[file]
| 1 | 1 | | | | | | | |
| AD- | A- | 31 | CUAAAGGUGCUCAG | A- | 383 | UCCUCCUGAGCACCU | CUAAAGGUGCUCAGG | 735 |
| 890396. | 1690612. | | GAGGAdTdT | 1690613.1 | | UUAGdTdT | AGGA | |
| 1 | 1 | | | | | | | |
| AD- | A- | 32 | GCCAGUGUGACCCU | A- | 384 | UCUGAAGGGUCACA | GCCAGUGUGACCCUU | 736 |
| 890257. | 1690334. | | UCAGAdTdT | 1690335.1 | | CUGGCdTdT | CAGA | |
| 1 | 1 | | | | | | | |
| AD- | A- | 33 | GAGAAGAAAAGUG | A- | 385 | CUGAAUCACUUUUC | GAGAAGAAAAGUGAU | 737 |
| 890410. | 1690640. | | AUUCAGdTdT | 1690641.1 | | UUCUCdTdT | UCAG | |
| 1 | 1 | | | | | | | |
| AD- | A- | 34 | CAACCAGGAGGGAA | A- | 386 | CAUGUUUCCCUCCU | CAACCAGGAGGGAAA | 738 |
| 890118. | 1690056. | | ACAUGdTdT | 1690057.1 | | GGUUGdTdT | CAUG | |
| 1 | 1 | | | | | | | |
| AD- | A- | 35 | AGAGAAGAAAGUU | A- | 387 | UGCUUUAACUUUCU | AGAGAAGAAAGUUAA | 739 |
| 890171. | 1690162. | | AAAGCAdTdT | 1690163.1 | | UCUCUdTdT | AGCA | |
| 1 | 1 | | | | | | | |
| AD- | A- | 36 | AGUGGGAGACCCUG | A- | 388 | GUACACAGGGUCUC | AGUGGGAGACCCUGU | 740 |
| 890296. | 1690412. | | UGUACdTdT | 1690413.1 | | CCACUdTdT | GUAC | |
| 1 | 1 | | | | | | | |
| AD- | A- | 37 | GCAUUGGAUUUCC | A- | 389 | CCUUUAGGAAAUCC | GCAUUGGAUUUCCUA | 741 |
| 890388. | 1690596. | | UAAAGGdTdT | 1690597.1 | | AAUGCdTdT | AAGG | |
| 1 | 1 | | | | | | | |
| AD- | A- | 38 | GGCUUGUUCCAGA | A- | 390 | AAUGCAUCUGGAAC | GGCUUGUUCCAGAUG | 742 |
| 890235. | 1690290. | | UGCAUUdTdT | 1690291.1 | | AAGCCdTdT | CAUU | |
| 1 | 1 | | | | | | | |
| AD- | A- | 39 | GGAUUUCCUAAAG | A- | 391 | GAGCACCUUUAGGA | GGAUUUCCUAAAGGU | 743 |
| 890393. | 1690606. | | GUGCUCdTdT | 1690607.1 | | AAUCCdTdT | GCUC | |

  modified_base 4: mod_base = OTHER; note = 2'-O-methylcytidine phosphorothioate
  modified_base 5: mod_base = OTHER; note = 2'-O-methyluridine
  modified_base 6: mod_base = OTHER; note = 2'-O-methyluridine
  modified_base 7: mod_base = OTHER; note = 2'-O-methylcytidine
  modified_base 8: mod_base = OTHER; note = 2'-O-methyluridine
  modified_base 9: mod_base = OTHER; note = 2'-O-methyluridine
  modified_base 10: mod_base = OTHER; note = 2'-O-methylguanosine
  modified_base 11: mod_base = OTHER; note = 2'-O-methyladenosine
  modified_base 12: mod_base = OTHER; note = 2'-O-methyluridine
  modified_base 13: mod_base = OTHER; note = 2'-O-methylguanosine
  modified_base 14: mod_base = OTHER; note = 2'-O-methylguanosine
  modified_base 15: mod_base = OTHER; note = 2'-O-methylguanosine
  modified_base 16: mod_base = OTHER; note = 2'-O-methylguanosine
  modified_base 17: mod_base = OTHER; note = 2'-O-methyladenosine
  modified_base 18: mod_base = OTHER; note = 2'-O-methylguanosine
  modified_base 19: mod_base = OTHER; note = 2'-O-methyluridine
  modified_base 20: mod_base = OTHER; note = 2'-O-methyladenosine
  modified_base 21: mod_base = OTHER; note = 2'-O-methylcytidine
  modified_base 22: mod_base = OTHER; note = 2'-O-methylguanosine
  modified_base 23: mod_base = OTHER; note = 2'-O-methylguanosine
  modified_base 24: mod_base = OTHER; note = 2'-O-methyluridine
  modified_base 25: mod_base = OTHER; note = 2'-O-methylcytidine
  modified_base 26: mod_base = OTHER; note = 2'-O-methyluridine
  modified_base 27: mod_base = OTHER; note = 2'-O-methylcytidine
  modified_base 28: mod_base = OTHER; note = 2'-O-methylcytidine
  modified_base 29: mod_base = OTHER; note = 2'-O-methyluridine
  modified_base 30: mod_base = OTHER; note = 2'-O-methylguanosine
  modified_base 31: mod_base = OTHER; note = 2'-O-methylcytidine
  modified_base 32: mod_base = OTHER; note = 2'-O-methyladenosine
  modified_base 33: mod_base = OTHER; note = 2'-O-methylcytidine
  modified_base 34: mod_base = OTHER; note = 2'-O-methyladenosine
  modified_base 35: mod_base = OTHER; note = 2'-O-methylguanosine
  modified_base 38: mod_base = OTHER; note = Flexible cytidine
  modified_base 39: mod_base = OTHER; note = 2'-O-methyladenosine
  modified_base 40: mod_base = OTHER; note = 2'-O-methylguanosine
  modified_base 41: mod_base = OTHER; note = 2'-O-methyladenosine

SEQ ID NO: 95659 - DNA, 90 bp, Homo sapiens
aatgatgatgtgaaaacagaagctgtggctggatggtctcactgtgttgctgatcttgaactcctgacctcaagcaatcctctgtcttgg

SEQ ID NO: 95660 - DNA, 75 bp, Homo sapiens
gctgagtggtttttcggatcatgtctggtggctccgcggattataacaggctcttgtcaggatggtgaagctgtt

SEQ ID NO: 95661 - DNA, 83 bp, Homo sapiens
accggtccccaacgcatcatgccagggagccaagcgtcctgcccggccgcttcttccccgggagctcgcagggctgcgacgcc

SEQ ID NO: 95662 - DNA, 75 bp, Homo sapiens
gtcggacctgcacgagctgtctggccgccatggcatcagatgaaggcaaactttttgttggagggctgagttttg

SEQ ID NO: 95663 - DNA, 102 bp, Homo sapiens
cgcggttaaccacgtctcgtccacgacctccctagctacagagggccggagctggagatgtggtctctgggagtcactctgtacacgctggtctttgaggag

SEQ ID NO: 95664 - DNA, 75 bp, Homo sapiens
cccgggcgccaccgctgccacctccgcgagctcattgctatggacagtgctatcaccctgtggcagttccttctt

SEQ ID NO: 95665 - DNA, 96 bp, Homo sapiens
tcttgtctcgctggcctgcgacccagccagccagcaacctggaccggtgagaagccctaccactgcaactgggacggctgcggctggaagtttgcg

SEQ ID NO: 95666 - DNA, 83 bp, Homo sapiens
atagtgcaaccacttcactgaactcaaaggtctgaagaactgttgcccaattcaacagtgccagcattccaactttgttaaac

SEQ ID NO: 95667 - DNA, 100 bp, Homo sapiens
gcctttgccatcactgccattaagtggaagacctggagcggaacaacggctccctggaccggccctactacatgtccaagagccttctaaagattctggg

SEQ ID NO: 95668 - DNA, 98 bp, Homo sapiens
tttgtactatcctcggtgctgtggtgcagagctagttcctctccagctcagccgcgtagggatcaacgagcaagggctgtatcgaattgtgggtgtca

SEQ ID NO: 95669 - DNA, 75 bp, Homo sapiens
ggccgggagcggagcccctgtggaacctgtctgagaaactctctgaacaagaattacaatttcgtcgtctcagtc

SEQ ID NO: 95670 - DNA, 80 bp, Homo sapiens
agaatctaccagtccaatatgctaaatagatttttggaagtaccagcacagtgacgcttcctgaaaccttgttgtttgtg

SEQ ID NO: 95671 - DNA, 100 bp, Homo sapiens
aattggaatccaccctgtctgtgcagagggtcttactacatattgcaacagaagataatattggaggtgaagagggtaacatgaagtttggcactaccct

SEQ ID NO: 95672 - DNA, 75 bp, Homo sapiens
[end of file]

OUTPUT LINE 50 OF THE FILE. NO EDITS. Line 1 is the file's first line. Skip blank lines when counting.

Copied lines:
  modified_base 26: mod_base = OTHER; note = 2'-O-methyluridine